Originally posted November 9, 2009 – Re-posted November 28, 2021, with revisions
Cheech: “Man....just everywhere he went, he ran into too much recession, man.”
Chong: “No, man, you mean he ran into too much repression, man.”
Cheech: “Aw, ‘repression’...’recession’...man, it's all da same thing, man.”
Chong: “Yeah, man. But, it's a drag, man, 'cause we could sure use a dude like that right now!”
From “Santa Claus and His Old Lady” by Cheech and Chong
When did you quit believing in Santa Claus? Me? I dunno. Probably a lot older than I should have. But, heck! Believing was most of the fun. Besides, I had a sister who is almost seven years younger the I am, and I didn’t want to ruin the fun for her.
That’s my story and I’m sticking to it.
There’s something special about the anxiety and anticipation in kids when they’re giddy with excitement about Saint Nick dropping some toys off at their house. I always got a kick out of watching my daughter as she sat on the big guy’s lap, telling him her list of wants and desires. The child-like shyness and wonder always put a smile on my face.
It was not until she was in her late teens or early twenties did, I learned that Mr. Claus always kind of creeped her out. She was also just a tad disturbed that some stranger, Mr. Claus though-he-be, could just drop into our home while we slept and did as he pleased. She felt so . . . violated.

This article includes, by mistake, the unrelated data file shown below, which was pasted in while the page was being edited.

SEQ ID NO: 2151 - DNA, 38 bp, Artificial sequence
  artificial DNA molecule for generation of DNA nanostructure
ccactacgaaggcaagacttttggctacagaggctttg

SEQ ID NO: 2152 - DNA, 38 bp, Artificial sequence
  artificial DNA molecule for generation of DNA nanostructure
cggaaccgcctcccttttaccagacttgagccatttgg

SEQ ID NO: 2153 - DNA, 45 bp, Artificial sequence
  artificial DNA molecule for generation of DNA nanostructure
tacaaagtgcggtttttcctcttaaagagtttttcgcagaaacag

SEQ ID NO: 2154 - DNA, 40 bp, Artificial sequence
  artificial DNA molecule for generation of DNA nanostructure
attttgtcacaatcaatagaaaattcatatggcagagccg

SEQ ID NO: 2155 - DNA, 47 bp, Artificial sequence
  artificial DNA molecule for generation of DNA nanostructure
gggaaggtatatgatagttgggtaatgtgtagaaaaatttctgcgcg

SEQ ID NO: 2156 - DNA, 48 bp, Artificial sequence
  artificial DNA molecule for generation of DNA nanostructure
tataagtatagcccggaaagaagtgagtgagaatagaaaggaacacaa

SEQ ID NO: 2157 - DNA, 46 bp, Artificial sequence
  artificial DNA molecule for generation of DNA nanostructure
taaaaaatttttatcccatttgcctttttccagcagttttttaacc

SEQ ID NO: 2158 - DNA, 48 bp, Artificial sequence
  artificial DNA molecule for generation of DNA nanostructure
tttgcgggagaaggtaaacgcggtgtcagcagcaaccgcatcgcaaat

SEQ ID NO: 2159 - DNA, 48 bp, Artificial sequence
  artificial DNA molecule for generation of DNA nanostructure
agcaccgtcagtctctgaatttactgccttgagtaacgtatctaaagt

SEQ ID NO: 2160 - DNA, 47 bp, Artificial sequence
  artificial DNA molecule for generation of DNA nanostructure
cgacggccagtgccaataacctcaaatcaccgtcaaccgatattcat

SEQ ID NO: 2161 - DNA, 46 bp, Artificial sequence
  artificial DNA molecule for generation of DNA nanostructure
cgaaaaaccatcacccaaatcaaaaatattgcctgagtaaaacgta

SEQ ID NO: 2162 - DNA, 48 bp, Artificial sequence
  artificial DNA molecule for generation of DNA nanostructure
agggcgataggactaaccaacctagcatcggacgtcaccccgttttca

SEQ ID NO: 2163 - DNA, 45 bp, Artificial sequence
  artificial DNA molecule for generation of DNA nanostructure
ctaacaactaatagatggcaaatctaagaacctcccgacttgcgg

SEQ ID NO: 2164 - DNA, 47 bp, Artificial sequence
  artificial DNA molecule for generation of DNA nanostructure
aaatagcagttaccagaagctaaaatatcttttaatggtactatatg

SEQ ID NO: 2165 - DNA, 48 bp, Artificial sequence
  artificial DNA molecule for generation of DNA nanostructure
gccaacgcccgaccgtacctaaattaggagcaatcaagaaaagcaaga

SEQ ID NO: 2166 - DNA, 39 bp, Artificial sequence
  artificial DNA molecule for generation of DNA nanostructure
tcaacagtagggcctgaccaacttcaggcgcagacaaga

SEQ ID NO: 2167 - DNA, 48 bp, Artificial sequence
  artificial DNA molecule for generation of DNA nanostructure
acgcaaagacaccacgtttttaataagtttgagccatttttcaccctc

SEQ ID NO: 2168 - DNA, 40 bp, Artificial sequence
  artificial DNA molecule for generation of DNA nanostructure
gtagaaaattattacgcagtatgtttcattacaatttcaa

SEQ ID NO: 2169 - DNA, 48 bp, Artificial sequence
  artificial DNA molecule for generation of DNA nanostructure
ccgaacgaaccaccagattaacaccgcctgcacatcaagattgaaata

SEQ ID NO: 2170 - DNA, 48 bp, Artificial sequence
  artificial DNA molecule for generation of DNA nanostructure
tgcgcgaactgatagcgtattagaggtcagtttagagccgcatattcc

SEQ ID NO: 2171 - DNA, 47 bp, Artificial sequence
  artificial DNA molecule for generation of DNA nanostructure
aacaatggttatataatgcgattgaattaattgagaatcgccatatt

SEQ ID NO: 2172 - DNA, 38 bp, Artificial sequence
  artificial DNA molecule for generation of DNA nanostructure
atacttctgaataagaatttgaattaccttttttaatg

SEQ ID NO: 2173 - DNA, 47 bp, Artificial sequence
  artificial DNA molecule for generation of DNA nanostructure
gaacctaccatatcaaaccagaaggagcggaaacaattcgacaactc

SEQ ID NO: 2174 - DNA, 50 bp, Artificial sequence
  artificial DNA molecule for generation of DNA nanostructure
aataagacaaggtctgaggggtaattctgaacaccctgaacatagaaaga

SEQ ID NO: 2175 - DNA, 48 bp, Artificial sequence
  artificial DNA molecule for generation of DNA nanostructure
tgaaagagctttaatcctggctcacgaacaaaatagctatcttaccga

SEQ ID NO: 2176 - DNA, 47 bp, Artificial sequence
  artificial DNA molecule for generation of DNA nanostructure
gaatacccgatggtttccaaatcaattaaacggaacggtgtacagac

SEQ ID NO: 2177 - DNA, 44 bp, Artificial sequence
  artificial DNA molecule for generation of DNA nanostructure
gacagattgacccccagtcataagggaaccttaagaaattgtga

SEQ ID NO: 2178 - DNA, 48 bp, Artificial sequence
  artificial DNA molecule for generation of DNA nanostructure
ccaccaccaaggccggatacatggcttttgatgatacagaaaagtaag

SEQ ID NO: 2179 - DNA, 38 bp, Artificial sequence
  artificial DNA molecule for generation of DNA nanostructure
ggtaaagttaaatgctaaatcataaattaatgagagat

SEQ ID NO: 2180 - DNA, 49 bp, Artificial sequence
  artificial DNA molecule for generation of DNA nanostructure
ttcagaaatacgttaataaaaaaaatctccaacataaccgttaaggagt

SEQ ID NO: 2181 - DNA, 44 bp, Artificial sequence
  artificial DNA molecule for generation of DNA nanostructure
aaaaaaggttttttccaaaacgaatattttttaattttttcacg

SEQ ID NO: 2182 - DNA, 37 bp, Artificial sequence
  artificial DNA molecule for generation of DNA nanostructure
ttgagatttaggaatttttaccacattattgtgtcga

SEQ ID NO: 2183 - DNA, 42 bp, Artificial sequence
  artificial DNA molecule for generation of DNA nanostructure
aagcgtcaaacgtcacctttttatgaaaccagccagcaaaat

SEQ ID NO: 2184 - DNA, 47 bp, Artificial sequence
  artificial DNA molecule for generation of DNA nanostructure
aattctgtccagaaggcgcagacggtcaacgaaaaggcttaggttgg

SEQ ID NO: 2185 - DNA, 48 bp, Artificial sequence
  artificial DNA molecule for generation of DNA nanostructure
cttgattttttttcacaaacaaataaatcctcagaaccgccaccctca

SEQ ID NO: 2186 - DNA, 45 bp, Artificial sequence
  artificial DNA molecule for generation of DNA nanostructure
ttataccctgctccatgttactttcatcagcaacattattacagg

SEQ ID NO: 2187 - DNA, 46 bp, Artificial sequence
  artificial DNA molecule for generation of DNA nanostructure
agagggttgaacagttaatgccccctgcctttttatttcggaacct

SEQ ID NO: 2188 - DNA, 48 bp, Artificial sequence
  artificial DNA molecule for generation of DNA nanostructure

One of the funniest memories I have of kids and Santa Claus was when I was a pre-teen. Our pastor’s granddaughter visited Nick for the first time. Why I was there, I don’t know but I’ve never forgotten this event.
The little girl sat there, cherub-like, while the obligatory picture was taken to commemorate the event. I couldn’t help but notice Santa had an odd look on his face. The picture was snapped, and everybody said, “Oh, how precious”. Everybody, that is, except SC. As the cherub was being retrieved by her parents, there, bold as lightning, was a big wet spot-on Mr. Nicholas’s trousers.
He was not happy despite being left with a warm feeling.
Over the years, I’ve started buying just a little bit fewer gifts and drop-off toys with one of the local toy drives. I am told of some people who know of a family where the breadwinner has lost their job and those more fortunate make it possible for the breadwinner to provide gifts for their family while maintaining some pride and dignity. Others adopt a soldier serving our country overseas and send gifts to them. Still others go with their family on Christmas day and work at one of the kitchens that serve dinner to the needy.
In some way, shape or form, we can be a Santa to someone in need. As Tommy Chong said in “Santa Claus and His Old Lady”, “We could use a dude like that right now!”
We can be that dude. By doing so, we can get that warm feeling all over without the muss and fuss of having to take your clothes to the cleaners.